Security versus privacy
Buenos Aires Herald, June 11, 2013
President Obama would have preferred not to have gone through the crisis triggered by revelations about the government spying on phone records of the American public. His approval ratings have suffered and the controversy over what the government did has put additional hurdles on the already slowing-moving White House legislative agenda. However, on the security versus privacy trade off, most Americans take the side of more security. Thus, the political costs for Obama are mostly circumscribed to liberal voters who feel betrayed by the decision to compromise privacy in the name of improving security.
President Obama has been severely criticized for the government’s implementation of a program that intrudes in the privacy of millions of Americans whose phone records have been obtained by the National Security Agency (NSA) and whose phone conversations might have been heard by the leading government’s spy agency. Though President Obama has vehemently denied that the privacy of phone conversations has been violated, most Americans suspect that the NSA might have gone beyond its prerogatives and power in the way it has used the information collected from phone companies. Liberals and privacy advocates have questioned the usefulness of these privacy intrusion policies in fighting the war against terror. According to them, what the intelligence community learns from these privacy intrusions is far less than what society as a whole loose from allowing the government to encroach in the privacy of its citizens.
Some critics have recalled that President Obama actively campaigned against George W. Bush when the former president decided to invade Iraq as a part of the war against terror. Obama’s opposition to the war in Iraq ten years ago is seen as contradictory with the president’s staunch defense of the intelligence policies that led to the encroachment on people’s privacy under his administration. The apparent policy switch by Obama is seen as deceiving and unworthy of a liberal president. However, those critics are wrong. Obama did oppose the war in Iraq, but not the war in Afghanistan. Obama spoke against the loosely defined concept of “war on terror”, but as a candidate, he embraced policies that would make the U.S. safer against future terrorist attacks.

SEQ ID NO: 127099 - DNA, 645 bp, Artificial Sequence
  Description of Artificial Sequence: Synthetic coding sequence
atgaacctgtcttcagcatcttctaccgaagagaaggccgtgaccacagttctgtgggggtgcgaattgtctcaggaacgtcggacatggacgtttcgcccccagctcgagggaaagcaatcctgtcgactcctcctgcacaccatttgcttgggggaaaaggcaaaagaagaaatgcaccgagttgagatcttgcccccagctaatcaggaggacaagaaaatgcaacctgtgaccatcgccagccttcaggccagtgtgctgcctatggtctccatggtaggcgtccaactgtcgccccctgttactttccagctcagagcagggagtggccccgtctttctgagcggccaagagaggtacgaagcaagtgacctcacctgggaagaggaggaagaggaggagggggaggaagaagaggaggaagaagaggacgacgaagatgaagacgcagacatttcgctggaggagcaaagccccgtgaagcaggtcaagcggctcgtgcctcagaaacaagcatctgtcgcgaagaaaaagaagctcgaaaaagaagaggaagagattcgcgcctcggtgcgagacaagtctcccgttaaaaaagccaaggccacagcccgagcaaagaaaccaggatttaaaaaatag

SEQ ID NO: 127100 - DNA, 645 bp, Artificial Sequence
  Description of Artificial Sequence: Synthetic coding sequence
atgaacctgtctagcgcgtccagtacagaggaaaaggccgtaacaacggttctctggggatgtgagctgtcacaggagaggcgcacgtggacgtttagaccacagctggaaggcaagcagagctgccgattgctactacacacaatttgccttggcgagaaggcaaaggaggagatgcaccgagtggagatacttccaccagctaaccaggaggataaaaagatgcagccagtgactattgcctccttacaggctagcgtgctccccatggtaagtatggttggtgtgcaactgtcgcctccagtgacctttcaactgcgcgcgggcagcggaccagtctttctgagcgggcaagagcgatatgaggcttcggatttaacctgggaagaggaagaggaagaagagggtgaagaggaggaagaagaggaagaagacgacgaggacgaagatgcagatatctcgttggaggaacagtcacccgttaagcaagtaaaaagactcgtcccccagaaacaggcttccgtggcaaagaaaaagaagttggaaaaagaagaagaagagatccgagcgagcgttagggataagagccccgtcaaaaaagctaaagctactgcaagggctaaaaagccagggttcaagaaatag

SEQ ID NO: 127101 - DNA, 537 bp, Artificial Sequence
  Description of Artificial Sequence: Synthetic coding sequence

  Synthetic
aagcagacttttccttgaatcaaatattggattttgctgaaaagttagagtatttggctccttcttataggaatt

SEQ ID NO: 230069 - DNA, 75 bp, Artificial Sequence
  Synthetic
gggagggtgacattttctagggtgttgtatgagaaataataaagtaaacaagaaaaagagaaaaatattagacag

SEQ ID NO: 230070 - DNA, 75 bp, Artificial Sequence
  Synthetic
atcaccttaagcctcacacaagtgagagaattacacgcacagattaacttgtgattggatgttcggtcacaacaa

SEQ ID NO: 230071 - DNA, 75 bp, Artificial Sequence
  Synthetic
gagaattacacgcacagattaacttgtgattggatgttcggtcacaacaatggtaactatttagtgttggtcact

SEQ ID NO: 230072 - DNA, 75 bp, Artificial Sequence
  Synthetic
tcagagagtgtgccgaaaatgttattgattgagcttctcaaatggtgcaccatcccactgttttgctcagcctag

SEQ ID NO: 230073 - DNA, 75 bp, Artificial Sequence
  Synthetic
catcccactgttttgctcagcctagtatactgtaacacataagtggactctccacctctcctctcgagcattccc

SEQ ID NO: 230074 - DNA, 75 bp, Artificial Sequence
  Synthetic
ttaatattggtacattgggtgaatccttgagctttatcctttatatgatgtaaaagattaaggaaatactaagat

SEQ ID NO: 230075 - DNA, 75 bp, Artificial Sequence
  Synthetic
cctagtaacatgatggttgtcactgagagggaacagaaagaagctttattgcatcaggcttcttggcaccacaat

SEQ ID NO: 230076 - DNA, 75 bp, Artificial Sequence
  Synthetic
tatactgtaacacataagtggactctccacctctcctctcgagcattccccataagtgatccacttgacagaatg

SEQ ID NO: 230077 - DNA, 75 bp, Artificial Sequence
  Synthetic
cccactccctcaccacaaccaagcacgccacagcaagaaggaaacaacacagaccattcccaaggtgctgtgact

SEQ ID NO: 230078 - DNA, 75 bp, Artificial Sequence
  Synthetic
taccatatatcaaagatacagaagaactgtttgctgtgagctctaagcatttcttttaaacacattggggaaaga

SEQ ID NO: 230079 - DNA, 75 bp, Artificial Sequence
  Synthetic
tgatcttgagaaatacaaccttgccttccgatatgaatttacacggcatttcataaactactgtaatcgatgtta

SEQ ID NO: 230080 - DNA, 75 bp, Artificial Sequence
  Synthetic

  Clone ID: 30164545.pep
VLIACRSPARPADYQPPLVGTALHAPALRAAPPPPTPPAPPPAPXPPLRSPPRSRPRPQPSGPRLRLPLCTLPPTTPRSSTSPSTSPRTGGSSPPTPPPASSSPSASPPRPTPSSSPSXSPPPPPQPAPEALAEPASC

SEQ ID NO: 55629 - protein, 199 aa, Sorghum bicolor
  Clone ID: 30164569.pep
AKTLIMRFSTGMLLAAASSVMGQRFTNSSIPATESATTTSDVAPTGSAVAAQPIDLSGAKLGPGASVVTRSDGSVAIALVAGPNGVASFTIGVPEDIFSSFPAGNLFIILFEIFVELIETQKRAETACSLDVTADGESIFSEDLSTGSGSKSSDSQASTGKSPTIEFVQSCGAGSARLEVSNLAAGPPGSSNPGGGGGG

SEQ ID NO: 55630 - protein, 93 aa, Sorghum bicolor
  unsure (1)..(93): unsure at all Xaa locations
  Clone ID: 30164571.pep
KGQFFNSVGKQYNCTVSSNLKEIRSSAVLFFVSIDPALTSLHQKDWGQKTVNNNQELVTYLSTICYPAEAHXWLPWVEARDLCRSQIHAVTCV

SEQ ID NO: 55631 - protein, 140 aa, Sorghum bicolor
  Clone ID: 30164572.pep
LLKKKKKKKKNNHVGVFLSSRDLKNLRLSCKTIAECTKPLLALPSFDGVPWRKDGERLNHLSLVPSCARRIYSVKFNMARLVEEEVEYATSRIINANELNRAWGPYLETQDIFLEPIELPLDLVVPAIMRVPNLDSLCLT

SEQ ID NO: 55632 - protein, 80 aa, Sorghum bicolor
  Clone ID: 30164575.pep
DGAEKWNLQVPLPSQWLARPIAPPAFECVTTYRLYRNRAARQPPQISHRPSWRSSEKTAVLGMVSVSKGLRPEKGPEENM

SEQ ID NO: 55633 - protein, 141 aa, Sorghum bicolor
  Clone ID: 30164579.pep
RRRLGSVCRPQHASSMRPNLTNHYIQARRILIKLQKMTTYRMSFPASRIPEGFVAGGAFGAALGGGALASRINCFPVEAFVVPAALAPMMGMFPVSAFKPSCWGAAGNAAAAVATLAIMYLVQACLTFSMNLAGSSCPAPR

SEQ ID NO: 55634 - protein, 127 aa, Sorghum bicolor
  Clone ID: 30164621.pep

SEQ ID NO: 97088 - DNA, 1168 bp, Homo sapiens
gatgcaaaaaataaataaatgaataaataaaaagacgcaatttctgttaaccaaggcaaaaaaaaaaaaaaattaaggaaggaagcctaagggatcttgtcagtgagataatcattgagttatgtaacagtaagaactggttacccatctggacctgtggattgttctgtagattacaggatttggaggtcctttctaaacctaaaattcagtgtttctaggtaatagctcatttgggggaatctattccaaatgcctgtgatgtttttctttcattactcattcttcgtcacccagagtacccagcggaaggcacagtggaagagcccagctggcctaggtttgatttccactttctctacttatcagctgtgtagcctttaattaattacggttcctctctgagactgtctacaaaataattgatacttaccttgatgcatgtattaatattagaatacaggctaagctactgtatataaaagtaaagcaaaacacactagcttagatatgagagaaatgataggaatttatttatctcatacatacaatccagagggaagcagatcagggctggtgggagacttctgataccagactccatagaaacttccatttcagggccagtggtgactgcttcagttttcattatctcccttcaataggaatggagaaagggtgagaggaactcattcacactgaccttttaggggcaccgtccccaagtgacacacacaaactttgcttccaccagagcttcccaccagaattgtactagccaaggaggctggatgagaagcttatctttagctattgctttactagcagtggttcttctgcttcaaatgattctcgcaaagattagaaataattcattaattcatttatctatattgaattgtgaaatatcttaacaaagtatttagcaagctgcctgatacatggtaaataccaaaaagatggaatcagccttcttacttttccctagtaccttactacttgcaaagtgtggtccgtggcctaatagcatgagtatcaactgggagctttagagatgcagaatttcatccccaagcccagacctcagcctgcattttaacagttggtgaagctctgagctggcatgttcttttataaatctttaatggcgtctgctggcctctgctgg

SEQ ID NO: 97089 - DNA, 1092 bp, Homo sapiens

Thus, it is wrong to equate Obama’s opposition to the war in Iraq with hostility to policies designed to prevent terrorist attacks in the United States. In fact, Obama’s actions as president underline his commitment to engaging in active policies to prevent future attacks. The president has long supported policies—such as the use of drones to kill enemy combatants, and even American citizens, outside the United States or the delayed closure of the Guantanamo military base—that show a real concern with preventing terrorist attacks in American territory. The way President Obama personally managed the operation that killed Osama bin Laden, including the unusual Sunday night televised speech the night bin Laden was gunned down, also underline how national security has been one of his main priorities during his time in the White House.
In part, Obama’s focus on national security results from the fact that Americans in general believe that Republicans are more concerned—and better able—to protect the country against foreign attacks. The democratic president needed to work on that vulnerable point for democrats by minimizing that liability. The fact that national security was not a defining issue in the last presidential campaign speaks to the success of the Obama administration in strengthening its national security credentials.
The recent controversy initially reported by The Guardian, a British newspaper, has put the issue of national security back on the agenda. Not surprisingly, most liberal voices—and many democrats—have expressed their concern over the loss of privacy in the name of preventing future terrorist attacks. Among the strongest democratic base, the revelations about the encroachment of privacy have not fared well. Liberals are discontent and dissatisfied with Obama. However, among moderates and even Republicans, there is no question as to what side to favor when it comes to the security/privacy tradeoff. For Republicans, security is far more important than privacy. For moderates, intrusions in privacy are justified if they lead to significant improvements in the government’s ability to make the country a safer place.
Though the president’s approval has suffered as a result of the revelations, Obama has lost more support among liberals than among moderates and conservatives. As liberals have no other place to go—and will continue to prefer Democrats over Republicans—the long term electoral costs for Obama and the democrats are limited. The controversy has dominated the political agenda and has slowed down the government’s legislative initiatives—with immigration reform suffering the most. The White House has been put on the defensive and the few weeks remaining before the Congressional summer recess will be far less productive than President Obama counted on.
However, when he publicly acknowledged the existence of the program and justified it on ground that preventing terrorist attacks in the U.S. requires a tradeoff between security and privacy, President Obama took a position that makes perfect sense to a large majority of Americans.